The House is expected to okay a budget committee recommendation that would get the amount of the October federal-military raise at 5.5 percent. President Carter sets the amount with Congress having veto power over it. He has proposed a 5.5 percent raise even though advisors say government workers, to keep par with industry, are due about twice as much.

People Who Live In Glass (White) Houses . . . Former Carter speechwriter James Fallows received attention with his insider's-view article of life as a White House toiler. It is in this month's Atlantic Monthly (if you can still find a copy). The stuff was facinating. But nothing more titillating to bureaucratic Washington than the way the White House exercises pay restraint for its own. Writes Fallow:

". . . I was 27 years old when I started working at the White House.The year before I had made about $20,000 as a magazine writer. On Inauguration Day, my pay rose by 87.5 percent, to $37,500. Two months later, with the general pay raise, it went up another $5,000 to 42,500. After two more unpublicized automatic cost-of-living raises, I was earning $47,500 when I resigned at the end of November 1978.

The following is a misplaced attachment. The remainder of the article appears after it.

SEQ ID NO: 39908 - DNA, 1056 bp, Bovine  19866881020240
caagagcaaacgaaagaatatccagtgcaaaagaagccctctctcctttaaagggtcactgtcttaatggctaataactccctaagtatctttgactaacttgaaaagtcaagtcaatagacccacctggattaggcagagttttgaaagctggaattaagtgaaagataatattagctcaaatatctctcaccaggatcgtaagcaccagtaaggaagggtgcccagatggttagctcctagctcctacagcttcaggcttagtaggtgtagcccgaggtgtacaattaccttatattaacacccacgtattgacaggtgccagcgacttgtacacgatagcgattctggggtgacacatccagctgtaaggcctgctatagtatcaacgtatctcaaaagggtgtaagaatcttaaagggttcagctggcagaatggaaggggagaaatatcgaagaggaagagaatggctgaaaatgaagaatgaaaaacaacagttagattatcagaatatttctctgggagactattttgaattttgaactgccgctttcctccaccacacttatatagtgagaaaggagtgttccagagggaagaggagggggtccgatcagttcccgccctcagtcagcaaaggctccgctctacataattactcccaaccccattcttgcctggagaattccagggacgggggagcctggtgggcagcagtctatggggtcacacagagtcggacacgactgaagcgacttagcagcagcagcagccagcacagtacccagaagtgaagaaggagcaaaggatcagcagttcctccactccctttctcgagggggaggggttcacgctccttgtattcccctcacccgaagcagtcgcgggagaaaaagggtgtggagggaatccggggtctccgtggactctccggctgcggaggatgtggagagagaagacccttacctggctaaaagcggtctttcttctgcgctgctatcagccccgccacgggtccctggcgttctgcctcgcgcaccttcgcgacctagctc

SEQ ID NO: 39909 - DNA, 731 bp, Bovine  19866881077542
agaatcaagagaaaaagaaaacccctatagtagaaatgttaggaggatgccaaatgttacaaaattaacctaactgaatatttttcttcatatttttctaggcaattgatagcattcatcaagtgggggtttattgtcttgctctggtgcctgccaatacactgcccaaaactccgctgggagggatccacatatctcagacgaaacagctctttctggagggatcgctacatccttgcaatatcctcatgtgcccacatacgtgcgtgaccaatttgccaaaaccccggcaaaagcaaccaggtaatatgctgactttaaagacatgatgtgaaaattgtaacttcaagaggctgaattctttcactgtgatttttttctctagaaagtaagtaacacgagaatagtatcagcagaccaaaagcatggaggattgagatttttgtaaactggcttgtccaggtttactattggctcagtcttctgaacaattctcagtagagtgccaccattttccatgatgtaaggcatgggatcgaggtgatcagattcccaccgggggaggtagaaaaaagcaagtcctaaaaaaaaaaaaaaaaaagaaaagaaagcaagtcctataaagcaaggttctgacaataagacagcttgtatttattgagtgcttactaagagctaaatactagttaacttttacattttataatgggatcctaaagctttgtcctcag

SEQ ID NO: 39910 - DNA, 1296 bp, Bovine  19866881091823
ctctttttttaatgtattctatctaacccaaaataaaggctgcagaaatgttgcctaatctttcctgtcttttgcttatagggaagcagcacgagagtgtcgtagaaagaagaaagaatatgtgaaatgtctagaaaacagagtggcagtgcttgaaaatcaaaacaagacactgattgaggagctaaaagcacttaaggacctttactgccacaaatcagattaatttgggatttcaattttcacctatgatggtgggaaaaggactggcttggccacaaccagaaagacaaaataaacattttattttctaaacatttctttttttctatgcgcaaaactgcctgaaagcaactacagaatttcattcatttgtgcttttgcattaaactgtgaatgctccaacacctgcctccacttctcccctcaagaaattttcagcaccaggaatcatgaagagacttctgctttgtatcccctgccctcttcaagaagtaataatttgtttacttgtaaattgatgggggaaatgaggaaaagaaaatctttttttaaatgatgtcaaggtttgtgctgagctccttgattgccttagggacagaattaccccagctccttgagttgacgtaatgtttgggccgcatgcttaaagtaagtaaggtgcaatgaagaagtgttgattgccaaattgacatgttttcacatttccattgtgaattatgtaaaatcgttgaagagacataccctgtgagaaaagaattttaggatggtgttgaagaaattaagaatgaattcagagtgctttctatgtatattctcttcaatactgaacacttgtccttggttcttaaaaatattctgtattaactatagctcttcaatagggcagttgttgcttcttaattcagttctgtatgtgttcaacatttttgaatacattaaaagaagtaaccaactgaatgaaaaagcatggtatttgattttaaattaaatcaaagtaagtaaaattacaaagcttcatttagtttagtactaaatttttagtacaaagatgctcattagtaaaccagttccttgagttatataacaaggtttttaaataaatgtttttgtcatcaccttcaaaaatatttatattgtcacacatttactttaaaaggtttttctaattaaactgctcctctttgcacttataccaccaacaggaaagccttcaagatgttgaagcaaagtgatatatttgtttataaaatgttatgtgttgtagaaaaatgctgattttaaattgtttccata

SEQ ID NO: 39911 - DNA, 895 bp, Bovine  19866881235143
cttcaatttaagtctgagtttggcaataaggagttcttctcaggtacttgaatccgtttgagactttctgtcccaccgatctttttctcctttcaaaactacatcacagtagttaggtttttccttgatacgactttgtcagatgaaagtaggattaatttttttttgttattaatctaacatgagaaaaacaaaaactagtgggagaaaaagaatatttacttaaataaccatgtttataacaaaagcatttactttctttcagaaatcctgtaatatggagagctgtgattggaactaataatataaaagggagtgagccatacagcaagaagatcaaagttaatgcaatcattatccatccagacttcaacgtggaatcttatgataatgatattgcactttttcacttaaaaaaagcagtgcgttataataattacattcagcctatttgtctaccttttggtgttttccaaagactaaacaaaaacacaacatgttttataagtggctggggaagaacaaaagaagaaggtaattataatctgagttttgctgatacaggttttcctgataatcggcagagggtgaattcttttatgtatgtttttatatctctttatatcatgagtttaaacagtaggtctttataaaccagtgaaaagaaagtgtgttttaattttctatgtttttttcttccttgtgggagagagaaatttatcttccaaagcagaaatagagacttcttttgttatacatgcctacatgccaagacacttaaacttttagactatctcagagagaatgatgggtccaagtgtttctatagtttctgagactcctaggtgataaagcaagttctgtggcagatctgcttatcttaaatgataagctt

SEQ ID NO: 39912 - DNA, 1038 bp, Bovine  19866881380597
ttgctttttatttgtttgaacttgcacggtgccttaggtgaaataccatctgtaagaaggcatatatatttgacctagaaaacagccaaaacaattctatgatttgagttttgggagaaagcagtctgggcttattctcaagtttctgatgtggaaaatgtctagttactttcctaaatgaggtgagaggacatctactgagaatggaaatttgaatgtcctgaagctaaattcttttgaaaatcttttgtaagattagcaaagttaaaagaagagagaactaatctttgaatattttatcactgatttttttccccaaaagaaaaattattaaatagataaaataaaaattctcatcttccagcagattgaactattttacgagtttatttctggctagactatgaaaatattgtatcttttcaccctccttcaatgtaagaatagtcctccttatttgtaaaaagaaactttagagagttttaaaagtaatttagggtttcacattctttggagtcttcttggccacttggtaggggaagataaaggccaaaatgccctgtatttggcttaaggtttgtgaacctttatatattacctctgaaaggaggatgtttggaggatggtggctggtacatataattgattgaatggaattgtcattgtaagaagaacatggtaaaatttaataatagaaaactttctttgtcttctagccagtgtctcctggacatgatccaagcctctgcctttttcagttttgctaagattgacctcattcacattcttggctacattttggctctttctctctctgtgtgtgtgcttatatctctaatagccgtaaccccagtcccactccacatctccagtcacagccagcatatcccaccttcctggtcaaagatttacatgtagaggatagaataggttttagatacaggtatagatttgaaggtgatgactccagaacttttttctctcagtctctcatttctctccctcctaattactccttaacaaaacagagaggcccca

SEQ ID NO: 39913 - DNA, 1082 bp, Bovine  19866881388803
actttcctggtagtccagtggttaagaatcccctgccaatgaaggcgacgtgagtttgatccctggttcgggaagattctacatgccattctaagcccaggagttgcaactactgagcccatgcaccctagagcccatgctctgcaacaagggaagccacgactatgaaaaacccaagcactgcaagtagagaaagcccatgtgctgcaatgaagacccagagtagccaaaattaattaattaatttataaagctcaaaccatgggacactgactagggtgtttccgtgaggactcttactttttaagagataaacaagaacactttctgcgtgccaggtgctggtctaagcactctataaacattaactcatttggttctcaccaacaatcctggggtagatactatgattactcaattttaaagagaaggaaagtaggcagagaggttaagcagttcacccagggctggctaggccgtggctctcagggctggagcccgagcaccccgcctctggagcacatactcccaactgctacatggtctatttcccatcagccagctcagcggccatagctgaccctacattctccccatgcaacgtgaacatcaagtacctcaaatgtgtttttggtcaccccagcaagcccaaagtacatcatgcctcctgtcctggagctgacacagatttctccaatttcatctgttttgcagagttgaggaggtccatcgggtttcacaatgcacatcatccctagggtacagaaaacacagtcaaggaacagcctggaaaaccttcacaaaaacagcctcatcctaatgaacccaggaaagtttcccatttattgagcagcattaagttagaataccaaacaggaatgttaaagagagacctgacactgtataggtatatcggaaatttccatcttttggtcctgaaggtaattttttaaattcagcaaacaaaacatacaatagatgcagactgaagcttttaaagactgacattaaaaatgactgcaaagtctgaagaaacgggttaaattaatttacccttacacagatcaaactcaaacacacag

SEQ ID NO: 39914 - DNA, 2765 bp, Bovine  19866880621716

"Of all complaints about Carter, overpayment is the most ironic, for he was the most notorious tightwad in town. But it was a sadly typical complaint, for it showed that Carter's inner values mattered less than his naivete about organization and the effect of symbolic acts.

"By going along with the pay increases, Carter gave the clearest possible sign that it would be business as usual in his administration." The President's later war on inflation, Fallows wrote, "would be forever undermined by his demonstration that restraint did not start at home . . ."